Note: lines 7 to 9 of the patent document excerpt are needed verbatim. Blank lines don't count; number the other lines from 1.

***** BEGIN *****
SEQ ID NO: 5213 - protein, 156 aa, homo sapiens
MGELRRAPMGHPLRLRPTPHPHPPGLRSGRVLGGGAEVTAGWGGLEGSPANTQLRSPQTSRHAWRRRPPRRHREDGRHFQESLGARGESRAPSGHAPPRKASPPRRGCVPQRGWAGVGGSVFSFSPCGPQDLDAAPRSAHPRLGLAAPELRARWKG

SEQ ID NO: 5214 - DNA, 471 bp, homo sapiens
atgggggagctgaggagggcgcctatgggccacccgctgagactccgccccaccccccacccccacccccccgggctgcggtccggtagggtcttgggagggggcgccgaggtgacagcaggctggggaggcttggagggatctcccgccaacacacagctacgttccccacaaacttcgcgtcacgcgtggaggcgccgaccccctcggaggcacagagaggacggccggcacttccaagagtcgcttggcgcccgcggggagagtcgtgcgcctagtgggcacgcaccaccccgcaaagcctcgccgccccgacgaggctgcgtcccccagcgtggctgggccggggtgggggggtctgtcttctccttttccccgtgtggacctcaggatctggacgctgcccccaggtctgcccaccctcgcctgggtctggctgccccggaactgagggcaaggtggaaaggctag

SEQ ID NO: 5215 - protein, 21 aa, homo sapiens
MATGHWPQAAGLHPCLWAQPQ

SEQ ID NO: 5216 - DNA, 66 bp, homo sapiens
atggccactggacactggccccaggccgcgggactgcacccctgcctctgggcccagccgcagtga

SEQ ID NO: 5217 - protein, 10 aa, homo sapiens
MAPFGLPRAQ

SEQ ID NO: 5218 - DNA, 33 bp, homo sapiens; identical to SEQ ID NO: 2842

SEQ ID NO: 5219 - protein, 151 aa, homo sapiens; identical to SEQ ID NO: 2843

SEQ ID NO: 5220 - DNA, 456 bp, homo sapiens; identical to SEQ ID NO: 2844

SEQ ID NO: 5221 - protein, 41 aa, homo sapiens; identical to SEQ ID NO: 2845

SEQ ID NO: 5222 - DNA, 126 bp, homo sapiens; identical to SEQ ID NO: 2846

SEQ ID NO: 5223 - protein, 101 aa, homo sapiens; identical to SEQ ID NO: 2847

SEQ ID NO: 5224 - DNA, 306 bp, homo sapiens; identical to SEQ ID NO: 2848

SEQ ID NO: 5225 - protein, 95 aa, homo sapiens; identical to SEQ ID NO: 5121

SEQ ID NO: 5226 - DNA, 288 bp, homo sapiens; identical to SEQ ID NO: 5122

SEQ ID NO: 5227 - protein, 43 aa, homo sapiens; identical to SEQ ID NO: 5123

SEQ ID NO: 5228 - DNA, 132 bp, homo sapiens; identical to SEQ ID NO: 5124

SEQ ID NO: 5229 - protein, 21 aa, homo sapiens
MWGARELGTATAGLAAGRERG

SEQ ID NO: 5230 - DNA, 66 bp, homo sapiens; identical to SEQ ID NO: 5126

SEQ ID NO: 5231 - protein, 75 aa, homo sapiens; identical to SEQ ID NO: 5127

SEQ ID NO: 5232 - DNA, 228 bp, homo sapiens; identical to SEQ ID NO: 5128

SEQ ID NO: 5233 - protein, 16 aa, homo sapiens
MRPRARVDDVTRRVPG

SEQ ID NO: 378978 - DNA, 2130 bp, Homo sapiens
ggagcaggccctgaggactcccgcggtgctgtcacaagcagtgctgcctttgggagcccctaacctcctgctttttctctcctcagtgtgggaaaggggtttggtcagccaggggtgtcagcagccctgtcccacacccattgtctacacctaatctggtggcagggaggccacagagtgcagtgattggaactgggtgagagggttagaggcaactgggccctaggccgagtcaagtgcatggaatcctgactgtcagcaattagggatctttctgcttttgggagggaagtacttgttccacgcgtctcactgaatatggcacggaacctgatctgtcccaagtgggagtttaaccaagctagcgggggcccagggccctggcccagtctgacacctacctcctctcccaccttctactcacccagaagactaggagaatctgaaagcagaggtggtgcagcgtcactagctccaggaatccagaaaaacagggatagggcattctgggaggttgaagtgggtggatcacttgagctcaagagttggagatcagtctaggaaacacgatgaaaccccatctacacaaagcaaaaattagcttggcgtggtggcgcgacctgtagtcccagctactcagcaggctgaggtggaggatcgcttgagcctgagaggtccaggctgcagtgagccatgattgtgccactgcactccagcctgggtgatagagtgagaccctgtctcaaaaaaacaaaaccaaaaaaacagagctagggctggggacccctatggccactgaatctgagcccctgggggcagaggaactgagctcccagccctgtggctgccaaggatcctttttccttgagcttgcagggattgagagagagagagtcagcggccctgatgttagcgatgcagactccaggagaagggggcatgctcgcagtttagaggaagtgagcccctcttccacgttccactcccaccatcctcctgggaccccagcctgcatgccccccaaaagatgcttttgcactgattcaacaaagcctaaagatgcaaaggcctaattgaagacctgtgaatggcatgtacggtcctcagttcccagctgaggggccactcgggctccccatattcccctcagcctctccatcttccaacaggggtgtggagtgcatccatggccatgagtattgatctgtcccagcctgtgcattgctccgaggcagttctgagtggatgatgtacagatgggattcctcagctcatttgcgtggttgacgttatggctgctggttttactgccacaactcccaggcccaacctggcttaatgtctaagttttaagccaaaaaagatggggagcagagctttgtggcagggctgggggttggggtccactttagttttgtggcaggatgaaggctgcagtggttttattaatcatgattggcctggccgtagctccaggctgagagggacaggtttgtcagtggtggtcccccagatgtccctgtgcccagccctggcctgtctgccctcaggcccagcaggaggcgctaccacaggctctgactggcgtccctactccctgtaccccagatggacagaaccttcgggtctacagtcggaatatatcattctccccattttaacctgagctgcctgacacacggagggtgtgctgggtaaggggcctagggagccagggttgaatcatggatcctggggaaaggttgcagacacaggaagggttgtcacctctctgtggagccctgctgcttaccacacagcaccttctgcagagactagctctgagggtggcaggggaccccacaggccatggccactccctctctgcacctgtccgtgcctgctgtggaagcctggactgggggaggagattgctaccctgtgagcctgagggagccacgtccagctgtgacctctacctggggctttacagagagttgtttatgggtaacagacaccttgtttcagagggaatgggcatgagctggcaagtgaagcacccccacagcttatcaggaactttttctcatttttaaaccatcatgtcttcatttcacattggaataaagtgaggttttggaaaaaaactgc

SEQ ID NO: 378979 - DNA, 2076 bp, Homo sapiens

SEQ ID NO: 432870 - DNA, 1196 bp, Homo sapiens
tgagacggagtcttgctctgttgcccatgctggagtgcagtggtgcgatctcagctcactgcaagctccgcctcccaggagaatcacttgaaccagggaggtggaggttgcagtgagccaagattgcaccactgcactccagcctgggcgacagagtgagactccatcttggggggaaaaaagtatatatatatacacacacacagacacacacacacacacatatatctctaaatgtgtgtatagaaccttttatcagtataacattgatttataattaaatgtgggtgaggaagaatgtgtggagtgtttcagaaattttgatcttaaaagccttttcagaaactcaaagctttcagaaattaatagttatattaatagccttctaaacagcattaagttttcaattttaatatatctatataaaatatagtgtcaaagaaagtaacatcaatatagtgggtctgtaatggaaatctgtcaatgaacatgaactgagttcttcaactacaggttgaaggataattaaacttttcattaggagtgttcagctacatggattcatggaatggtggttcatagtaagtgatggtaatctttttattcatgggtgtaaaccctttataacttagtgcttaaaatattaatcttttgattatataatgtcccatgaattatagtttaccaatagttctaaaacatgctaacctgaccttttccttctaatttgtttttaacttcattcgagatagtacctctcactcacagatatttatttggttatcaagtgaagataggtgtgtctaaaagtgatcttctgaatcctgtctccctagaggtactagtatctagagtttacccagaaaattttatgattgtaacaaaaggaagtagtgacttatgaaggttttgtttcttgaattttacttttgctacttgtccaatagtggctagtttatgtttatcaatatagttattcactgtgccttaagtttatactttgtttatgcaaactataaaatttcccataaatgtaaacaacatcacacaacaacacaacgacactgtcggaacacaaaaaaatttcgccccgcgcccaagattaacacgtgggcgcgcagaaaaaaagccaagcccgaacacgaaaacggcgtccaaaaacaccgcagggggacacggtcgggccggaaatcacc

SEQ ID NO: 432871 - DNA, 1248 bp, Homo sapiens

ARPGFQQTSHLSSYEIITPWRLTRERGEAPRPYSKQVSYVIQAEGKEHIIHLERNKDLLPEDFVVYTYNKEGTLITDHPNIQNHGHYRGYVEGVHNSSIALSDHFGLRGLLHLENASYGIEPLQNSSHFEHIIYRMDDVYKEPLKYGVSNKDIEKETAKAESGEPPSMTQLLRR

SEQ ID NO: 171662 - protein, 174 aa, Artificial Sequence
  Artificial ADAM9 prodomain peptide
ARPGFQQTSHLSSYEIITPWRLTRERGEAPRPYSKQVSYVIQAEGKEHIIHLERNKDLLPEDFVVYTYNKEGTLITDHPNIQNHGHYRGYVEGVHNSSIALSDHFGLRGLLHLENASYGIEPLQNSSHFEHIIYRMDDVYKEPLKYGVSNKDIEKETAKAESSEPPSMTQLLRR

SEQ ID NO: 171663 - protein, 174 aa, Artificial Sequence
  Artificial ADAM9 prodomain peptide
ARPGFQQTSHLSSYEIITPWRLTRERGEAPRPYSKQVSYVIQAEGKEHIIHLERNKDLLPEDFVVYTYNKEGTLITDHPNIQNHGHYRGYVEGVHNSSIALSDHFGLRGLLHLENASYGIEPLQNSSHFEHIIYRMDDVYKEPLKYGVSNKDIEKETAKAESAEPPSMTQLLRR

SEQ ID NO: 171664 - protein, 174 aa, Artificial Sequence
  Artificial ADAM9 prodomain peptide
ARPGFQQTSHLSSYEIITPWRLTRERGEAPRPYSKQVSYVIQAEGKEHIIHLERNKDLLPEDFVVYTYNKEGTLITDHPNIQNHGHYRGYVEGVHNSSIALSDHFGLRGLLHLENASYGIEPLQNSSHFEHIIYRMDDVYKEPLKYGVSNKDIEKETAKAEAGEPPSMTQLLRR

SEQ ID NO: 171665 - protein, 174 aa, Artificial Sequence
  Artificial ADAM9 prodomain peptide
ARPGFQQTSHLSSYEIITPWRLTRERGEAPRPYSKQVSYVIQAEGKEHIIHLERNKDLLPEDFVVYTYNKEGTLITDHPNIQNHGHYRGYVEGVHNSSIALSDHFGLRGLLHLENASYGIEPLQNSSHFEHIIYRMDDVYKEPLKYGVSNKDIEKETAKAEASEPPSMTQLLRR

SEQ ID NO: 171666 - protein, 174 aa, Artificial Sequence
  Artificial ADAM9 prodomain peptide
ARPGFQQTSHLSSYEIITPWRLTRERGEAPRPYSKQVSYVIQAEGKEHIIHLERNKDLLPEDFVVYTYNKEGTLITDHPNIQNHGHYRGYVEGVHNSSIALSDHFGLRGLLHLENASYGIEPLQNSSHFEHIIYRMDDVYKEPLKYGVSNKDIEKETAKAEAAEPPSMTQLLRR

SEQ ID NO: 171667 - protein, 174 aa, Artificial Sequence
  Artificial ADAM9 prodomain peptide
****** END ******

SEQ ID NO: 5216 - DNA, 66 bp, homo sapiens
atggccactggacactggccccaggccgcgggactgcacccctgcctctgggcccagccgcagtga

SEQ ID NO: 5217 - protein, 10 aa, homo sapiens